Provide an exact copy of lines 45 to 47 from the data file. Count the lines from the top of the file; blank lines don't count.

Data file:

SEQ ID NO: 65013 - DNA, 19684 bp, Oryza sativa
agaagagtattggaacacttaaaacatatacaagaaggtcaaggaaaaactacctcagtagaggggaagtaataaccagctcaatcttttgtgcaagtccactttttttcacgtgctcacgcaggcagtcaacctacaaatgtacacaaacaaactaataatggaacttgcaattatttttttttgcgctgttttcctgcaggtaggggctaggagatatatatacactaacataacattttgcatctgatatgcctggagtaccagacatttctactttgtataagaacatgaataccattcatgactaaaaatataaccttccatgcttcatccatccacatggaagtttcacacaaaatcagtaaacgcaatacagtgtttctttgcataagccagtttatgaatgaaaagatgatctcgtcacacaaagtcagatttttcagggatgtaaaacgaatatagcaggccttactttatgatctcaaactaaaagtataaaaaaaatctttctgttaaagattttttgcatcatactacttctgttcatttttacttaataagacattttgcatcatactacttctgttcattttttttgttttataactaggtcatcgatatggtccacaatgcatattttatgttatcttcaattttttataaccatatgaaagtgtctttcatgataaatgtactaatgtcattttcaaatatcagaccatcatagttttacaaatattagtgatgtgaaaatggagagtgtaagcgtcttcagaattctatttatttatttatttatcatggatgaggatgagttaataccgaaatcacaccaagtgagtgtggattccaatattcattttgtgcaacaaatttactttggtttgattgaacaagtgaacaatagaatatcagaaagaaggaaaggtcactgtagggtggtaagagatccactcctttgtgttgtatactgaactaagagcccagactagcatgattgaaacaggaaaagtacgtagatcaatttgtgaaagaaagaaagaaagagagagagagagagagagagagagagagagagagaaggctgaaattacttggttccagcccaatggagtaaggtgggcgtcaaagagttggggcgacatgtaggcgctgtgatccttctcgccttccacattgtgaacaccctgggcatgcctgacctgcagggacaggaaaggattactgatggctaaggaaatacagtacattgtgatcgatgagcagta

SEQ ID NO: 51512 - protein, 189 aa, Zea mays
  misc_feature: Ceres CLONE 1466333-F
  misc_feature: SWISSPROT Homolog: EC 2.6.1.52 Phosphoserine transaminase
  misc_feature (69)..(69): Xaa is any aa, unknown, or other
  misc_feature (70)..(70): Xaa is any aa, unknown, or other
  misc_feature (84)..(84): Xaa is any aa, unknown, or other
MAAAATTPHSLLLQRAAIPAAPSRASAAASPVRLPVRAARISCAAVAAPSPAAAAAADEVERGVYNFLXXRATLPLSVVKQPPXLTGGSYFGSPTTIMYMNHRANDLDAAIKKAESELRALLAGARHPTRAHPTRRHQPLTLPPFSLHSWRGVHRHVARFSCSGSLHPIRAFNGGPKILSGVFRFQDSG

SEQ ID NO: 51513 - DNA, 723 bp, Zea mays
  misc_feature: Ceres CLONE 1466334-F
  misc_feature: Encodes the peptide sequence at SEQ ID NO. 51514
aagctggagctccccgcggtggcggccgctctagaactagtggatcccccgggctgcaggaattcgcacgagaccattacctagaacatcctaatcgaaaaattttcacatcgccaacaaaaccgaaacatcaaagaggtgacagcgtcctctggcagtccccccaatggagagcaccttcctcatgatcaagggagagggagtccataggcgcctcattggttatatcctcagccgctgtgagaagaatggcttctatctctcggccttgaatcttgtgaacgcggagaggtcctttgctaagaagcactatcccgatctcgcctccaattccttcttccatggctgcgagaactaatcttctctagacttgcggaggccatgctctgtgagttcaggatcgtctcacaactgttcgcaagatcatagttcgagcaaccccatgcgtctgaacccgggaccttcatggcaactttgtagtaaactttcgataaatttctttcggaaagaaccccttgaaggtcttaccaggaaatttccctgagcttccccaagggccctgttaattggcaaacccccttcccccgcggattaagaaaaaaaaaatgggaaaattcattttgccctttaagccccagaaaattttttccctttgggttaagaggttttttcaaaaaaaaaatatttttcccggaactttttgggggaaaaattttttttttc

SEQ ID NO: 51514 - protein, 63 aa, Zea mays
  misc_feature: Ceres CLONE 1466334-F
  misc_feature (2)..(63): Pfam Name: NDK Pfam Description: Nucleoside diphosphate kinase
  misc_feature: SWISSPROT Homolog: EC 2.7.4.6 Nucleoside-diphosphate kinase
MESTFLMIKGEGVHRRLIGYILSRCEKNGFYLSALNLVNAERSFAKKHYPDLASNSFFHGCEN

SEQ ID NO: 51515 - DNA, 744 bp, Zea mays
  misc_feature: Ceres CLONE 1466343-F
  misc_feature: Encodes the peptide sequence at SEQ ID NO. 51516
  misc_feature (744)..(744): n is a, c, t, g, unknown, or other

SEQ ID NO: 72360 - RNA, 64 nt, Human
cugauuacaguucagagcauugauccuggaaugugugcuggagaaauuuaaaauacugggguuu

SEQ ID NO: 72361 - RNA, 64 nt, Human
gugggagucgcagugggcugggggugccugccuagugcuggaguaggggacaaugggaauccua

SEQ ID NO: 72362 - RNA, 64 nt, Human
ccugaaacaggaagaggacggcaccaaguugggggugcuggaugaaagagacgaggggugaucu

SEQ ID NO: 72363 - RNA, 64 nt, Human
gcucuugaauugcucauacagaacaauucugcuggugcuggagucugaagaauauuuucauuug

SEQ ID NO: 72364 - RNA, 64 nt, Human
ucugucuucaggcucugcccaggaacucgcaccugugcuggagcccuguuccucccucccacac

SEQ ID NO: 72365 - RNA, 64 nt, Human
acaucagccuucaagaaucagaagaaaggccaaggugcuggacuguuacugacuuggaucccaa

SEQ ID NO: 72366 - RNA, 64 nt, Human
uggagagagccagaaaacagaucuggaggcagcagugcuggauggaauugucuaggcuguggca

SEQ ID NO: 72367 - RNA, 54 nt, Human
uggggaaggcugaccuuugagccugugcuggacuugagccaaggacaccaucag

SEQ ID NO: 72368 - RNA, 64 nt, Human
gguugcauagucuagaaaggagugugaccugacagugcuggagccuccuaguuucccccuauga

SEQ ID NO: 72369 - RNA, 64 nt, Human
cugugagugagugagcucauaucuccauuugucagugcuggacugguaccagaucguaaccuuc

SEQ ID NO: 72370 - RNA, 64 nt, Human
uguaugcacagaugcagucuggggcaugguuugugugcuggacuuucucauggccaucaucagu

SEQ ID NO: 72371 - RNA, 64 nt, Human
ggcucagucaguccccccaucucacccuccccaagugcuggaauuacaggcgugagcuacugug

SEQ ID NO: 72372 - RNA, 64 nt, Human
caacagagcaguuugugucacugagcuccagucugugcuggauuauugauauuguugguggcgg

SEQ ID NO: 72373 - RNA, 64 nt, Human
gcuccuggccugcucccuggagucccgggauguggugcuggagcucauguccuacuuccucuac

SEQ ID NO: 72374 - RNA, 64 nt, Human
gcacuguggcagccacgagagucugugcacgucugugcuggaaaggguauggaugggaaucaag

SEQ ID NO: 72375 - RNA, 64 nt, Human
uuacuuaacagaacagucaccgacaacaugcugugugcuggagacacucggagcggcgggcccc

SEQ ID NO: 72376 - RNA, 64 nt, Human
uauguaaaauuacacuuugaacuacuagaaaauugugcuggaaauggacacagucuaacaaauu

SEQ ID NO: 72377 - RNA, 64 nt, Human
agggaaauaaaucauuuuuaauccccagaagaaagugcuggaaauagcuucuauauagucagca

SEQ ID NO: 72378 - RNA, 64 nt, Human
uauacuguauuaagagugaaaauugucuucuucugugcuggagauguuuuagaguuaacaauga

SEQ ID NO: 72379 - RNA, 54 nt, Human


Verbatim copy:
SEQ ID NO: 72371 - RNA, 64 nt, Human
ggcucagucaguccccccaucucacccuccccaagugcuggaauuacaggcgugagcuacugug

SEQ ID NO: 72372 - RNA, 64 nt, Human